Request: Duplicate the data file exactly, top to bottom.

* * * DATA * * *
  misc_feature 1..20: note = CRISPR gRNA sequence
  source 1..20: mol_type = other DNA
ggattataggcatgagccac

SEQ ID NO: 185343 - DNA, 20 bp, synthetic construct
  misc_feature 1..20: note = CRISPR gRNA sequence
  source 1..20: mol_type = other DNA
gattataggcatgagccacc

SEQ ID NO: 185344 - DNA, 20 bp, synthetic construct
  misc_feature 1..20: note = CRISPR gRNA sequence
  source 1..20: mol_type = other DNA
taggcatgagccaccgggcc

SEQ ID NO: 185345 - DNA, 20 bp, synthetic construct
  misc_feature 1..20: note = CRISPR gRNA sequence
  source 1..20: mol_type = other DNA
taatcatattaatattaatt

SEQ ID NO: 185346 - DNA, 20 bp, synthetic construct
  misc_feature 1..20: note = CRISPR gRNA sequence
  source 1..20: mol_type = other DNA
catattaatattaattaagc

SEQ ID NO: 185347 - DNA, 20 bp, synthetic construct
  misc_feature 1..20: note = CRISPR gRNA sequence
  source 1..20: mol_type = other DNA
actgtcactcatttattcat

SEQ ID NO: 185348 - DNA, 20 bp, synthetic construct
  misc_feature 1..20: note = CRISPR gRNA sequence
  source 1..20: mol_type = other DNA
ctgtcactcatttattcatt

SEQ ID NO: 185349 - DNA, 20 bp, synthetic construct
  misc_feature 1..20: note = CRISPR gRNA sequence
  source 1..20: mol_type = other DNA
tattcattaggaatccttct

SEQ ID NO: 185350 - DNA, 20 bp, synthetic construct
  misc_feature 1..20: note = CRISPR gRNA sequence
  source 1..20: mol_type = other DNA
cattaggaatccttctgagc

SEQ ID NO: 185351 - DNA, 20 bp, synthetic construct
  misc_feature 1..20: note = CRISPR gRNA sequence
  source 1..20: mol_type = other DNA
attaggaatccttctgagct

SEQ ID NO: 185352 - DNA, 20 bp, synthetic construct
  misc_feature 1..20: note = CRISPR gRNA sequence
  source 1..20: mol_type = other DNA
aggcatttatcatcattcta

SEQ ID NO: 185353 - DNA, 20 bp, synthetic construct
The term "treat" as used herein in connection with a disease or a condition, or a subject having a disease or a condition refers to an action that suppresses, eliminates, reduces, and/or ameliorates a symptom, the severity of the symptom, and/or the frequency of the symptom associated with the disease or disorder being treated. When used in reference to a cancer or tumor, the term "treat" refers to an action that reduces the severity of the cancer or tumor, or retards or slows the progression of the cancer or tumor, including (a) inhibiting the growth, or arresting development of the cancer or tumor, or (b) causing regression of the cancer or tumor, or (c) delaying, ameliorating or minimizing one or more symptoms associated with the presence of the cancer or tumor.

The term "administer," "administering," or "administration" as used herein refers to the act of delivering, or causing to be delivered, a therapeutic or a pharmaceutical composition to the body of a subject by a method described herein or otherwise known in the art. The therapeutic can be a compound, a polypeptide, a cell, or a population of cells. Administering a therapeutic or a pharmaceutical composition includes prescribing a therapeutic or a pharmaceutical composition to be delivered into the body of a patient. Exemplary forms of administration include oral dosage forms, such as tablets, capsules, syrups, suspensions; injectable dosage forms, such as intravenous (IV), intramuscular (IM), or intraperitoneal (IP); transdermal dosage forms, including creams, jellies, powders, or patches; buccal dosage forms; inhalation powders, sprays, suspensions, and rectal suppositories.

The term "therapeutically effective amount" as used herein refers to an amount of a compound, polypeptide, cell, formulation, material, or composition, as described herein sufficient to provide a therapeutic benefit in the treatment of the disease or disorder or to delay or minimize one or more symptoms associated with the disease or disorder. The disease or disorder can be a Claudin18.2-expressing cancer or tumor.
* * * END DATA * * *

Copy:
  misc_feature 1..20: note = CRISPR gRNA sequence
  source 1..20: mol_type = other DNA
ggattataggcatgagccac

SEQ ID NO: 185343 - DNA, 20 bp, synthetic construct
  misc_feature 1..20: note = CRISPR gRNA sequence
  source 1..20: mol_type = other DNA
gattataggcatgagccacc

SEQ ID NO: 185344 - DNA, 20 bp, synthetic construct
  misc_feature 1..20: note = CRISPR gRNA sequence
  source 1..20: mol_type = other DNA
taggcatgagccaccgggcc

SEQ ID NO: 185345 - DNA, 20 bp, synthetic construct
  misc_feature 1..20: note = CRISPR gRNA sequence
  source 1..20: mol_type = other DNA
taatcatattaatattaatt

SEQ ID NO: 185346 - DNA, 20 bp, synthetic construct
  misc_feature 1..20: note = CRISPR gRNA sequence
  source 1..20: mol_type = other DNA
catattaatattaattaagc

SEQ ID NO: 185347 - DNA, 20 bp, synthetic construct
  misc_feature 1..20: note = CRISPR gRNA sequence
  source 1..20: mol_type = other DNA
actgtcactcatttattcat

SEQ ID NO: 185348 - DNA, 20 bp, synthetic construct
  misc_feature 1..20: note = CRISPR gRNA sequence
  source 1..20: mol_type = other DNA
ctgtcactcatttattcatt

SEQ ID NO: 185349 - DNA, 20 bp, synthetic construct
  misc_feature 1..20: note = CRISPR gRNA sequence
  source 1..20: mol_type = other DNA
tattcattaggaatccttct

SEQ ID NO: 185350 - DNA, 20 bp, synthetic construct
  misc_feature 1..20: note = CRISPR gRNA sequence
  source 1..20: mol_type = other DNA
cattaggaatccttctgagc

SEQ ID NO: 185351 - DNA, 20 bp, synthetic construct
  misc_feature 1..20: note = CRISPR gRNA sequence
  source 1..20: mol_type = other DNA
attaggaatccttctgagct

SEQ ID NO: 185352 - DNA, 20 bp, synthetic construct
  misc_feature 1..20: note = CRISPR gRNA sequence
  source 1..20: mol_type = other DNA
aggcatttatcatcattcta

SEQ ID NO: 185353 - DNA, 20 bp, synthetic construct
The term "treat" as used herein in connection with a disease or a condition, or a subject having a disease or a condition refers to an action that suppresses, eliminates, reduces, and/or ameliorates a symptom, the severity of the symptom, and/or the frequency of the symptom associated with the disease or disorder being treated. When used in reference to a cancer or tumor, the term "treat" refers to an action that reduces the severity of the cancer or tumor, or retards or slows the progression of the cancer or tumor, including (a) inhibiting the growth, or arresting development of the cancer or tumor, or (b) causing regression of the cancer or tumor, or (c) delaying, ameliorating or minimizing one or more symptoms associated with the presence of the cancer or tumor.

The term "administer," "administering," or "administration" as used herein refers to the act of delivering, or causing to be delivered, a therapeutic or a pharmaceutical composition to the body of a subject by a method described herein or otherwise known in the art. The therapeutic can be a compound, a polypeptide, a cell, or a population of cells. Administering a therapeutic or a pharmaceutical composition includes prescribing a therapeutic or a pharmaceutical composition to be delivered into the body of a patient. Exemplary forms of administration include oral dosage forms, such as tablets, capsules, syrups, suspensions; injectable dosage forms, such as intravenous (IV), intramuscular (IM), or intraperitoneal (IP); transdermal dosage forms, including creams, jellies, powders, or patches; buccal dosage forms; inhalation powders, sprays, suspensions, and rectal suppositories.

The term "therapeutically effective amount" as used herein refers to an amount of a compound, polypeptide, cell, formulation, material, or composition, as described herein sufficient to provide a therapeutic benefit in the treatment of the disease or disorder or to delay or minimize one or more symptoms associated with the disease or disorder. The disease or disorder can be a Claudin18.2-expressing cancer or tumor.